John D. Axtell

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John David Axtell (February 5, 1934 – December 2, 2000) was an American chemist, Lynn Distinguished Professor of Agronomy,[1] member of the National Academy of Sciences.[1] Axtell received the Alexander von Humboldt Award in 1975,[1] the Crop Science Research Award from the Crop Science Society of America in 1976,[1] and the International Award for Distinguished Service to Agriculture in 1984.[1] Axtell was widely noted for his research on sorghum(Sorghum bicolor L.).[1][2] The New York Times and other sources reported that Axtell had been one of discoverers of high-lysine sorghum, and that the discovery was crucial to the fight against world hunger.[1] [3][4]

Career and life[edit]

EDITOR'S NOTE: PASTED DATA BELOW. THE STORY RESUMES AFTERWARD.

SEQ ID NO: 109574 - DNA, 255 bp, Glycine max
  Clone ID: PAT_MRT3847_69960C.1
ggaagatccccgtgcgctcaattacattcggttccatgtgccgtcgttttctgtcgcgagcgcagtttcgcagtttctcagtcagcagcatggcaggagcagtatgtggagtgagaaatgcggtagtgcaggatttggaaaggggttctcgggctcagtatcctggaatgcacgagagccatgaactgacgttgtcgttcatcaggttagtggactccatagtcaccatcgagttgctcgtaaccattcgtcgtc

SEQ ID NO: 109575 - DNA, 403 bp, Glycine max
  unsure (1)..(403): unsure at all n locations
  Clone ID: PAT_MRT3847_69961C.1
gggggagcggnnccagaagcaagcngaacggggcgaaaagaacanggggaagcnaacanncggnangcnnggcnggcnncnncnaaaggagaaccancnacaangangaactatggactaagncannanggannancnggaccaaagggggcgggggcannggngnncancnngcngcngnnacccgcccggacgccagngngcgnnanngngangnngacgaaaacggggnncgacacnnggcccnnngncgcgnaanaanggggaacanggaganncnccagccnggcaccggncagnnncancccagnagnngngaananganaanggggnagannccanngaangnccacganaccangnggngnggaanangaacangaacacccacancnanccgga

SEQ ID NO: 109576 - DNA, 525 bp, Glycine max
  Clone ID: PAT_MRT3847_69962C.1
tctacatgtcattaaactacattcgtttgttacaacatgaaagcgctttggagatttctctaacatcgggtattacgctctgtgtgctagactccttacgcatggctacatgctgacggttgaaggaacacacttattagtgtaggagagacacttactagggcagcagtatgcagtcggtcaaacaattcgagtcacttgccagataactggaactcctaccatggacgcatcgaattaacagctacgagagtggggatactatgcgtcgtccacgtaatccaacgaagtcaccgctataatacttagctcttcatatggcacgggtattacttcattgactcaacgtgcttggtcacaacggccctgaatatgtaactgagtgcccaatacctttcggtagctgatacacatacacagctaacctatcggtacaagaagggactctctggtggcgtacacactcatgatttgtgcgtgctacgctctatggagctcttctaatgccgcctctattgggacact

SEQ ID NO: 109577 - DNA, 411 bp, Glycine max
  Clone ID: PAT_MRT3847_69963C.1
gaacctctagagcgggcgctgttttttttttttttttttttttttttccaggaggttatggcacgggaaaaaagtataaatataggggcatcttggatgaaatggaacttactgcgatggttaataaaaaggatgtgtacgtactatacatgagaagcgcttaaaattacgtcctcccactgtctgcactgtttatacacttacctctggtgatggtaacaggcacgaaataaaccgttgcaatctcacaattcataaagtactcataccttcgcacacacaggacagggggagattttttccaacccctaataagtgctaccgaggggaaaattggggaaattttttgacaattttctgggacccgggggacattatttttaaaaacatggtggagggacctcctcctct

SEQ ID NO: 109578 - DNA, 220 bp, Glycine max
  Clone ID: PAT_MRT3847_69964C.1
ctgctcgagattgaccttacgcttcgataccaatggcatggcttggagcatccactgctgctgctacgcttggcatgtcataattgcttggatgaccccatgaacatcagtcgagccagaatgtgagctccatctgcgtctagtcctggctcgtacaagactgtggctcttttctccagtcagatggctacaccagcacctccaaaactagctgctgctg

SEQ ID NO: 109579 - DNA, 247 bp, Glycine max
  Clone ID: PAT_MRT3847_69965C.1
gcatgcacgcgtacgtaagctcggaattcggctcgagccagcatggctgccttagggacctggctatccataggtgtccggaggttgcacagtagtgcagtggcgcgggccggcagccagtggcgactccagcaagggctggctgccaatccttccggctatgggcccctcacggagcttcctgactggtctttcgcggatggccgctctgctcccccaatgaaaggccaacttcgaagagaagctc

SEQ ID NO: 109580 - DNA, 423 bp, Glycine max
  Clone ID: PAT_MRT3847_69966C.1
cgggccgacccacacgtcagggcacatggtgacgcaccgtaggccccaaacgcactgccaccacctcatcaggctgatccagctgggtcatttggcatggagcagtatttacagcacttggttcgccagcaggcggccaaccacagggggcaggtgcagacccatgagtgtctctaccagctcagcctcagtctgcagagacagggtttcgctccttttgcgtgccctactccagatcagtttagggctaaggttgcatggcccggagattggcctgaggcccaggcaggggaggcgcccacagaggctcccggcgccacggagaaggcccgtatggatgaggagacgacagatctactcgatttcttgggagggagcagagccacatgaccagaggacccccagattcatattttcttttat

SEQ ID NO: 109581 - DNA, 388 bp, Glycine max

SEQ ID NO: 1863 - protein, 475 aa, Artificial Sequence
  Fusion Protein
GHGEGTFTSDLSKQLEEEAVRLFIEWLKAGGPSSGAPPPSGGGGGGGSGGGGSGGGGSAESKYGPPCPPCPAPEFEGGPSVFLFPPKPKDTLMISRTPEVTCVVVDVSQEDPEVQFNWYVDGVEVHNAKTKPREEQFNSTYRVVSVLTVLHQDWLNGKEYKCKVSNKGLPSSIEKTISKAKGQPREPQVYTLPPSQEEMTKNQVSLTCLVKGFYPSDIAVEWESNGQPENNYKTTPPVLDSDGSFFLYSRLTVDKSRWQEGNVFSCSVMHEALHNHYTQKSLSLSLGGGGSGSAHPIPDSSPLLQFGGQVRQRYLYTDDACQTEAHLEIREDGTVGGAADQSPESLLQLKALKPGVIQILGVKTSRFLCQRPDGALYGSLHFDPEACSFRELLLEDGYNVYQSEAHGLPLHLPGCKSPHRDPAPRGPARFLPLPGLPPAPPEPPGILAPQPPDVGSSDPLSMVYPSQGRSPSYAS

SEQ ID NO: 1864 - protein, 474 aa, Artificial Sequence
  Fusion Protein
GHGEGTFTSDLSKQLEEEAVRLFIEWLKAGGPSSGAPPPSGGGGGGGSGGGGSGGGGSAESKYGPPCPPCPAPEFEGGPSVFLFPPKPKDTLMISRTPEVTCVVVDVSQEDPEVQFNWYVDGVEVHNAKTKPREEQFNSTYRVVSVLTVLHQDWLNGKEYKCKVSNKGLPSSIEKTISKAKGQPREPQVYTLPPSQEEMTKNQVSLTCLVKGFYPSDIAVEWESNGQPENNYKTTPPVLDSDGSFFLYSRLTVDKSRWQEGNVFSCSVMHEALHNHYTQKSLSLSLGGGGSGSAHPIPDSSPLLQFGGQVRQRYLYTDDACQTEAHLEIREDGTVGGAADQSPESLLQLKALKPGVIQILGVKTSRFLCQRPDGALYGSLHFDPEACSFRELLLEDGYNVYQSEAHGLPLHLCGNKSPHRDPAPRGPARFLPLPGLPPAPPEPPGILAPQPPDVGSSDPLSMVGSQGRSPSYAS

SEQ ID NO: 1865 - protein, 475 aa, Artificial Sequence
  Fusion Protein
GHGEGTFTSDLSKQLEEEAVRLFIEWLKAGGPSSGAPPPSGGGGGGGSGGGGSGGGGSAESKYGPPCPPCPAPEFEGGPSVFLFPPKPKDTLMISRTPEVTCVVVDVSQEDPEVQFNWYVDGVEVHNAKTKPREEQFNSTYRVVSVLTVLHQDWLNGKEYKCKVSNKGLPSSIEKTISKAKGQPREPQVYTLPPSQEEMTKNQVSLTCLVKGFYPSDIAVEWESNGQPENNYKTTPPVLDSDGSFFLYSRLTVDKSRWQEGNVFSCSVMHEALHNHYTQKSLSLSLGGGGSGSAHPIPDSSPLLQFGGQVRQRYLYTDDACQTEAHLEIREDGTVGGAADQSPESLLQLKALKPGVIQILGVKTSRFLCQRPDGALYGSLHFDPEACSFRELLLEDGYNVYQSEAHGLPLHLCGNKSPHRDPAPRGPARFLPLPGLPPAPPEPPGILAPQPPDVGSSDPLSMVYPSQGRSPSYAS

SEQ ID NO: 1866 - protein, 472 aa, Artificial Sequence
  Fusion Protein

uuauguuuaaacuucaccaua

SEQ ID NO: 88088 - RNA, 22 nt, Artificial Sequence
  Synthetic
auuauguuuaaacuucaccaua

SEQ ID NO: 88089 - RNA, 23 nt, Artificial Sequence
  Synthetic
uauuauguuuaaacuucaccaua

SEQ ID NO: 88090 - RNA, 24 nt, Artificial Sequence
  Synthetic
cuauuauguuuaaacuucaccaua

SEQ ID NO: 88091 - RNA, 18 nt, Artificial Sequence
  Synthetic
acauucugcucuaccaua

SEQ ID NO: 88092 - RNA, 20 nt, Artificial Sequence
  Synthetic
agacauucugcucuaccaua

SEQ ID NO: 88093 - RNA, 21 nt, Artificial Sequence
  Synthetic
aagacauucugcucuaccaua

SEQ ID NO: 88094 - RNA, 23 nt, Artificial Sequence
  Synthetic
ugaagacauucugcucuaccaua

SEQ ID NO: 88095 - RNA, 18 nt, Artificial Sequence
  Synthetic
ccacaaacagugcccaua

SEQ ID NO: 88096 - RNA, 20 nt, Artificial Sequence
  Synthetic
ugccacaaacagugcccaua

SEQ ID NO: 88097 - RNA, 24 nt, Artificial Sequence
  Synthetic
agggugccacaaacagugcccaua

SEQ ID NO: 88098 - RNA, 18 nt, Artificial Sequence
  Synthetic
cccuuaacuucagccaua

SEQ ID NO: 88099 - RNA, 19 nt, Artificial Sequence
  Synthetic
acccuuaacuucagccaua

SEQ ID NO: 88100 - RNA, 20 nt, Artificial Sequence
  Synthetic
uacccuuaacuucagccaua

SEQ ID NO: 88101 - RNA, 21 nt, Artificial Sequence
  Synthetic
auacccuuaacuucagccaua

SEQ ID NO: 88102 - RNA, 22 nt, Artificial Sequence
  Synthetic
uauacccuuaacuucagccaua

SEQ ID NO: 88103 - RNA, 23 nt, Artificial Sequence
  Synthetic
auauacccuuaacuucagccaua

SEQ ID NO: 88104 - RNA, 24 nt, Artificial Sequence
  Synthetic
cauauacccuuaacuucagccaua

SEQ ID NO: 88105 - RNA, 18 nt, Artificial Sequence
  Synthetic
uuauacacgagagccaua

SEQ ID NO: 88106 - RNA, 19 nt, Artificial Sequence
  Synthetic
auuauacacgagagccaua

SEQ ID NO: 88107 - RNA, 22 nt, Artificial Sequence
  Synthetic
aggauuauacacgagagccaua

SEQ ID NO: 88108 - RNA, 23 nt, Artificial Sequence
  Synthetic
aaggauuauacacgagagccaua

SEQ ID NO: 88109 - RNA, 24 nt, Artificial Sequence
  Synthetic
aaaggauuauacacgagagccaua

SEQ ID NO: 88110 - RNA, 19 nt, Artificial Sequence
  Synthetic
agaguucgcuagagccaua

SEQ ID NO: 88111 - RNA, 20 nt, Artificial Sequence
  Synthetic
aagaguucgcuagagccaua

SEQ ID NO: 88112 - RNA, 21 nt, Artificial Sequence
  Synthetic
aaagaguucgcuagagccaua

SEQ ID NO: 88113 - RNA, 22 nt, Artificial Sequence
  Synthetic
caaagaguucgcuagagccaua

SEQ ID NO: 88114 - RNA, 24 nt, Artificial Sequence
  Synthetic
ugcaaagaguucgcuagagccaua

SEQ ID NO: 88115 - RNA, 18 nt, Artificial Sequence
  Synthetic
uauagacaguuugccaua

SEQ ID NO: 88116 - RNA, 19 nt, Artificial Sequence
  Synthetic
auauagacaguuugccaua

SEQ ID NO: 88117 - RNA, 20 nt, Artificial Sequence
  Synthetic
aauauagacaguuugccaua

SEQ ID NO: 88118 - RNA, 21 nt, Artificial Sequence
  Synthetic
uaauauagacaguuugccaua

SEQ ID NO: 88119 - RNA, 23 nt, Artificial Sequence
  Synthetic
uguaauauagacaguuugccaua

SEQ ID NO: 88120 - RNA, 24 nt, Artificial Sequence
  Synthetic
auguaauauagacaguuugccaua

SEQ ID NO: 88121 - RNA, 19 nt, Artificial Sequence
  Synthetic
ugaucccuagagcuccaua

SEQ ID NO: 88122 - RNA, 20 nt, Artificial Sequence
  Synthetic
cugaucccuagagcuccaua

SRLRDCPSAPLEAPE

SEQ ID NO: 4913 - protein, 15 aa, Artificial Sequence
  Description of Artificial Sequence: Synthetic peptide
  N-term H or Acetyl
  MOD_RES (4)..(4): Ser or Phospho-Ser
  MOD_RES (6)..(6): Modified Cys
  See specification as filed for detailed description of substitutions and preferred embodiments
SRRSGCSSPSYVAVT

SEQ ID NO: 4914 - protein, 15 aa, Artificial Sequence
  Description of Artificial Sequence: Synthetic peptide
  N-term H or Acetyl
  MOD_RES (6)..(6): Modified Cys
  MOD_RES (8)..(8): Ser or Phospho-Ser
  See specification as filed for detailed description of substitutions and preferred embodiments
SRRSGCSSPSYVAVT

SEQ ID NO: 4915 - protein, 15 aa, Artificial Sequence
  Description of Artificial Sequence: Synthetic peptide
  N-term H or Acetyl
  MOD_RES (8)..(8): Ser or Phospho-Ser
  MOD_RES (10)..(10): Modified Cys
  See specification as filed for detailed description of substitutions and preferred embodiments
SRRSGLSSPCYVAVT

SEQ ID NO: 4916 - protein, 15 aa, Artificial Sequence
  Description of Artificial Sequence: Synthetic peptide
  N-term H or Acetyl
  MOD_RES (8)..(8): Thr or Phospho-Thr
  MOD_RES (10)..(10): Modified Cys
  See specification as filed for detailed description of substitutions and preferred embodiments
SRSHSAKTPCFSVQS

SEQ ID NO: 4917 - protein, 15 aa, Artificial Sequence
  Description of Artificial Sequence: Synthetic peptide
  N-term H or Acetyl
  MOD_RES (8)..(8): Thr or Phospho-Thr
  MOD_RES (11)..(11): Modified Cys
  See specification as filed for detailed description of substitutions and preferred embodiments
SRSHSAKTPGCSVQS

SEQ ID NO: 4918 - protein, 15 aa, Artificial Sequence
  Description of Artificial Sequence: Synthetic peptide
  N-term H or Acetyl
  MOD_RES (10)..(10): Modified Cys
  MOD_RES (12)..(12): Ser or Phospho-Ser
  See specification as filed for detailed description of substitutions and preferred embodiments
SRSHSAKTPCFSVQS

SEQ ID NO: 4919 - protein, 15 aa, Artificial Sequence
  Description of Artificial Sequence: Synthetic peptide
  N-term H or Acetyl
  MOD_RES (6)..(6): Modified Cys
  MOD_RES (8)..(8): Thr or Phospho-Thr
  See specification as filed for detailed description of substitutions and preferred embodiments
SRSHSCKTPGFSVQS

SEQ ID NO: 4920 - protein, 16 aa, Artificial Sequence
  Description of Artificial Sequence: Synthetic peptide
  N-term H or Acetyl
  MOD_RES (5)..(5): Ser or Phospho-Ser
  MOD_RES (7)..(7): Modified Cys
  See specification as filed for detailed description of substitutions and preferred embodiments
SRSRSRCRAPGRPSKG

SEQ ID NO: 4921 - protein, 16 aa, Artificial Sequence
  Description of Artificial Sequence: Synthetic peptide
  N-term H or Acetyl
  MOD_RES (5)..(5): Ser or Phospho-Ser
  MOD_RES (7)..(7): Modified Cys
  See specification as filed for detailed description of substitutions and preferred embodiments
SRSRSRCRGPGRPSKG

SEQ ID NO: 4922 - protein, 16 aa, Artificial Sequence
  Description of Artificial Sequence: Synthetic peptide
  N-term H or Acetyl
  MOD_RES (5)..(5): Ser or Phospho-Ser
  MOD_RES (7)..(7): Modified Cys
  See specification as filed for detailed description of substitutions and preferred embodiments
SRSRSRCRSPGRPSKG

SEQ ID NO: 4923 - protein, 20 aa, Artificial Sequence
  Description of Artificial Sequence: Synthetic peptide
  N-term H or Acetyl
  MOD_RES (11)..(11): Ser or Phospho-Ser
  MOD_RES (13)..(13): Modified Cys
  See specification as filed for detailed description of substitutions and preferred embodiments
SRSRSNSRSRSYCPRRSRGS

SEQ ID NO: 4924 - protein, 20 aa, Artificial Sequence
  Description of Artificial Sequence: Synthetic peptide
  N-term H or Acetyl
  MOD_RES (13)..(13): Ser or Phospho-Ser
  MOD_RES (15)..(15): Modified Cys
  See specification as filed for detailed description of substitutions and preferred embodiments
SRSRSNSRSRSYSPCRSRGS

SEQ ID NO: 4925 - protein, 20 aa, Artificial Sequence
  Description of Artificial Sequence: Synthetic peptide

Axtell was born in Minneapolis, Minnesota, on February 5, 1934. He received his B.S. degree in agronomy and plant genetics in 1957 from the University of Minnesota, M.S. degree in plant genetics in 1965, and Ph.D. degree in plant genetics in 1967, the last from University of Wisconsin–Madison. Axtell spent his entire academic career 34 years at Purdue University, starting in 1967 right after completing requirements for his Ph.D. degree. He became a full professor in 1975, and Lynn Distinguished Professor of Agronomy in 1982.

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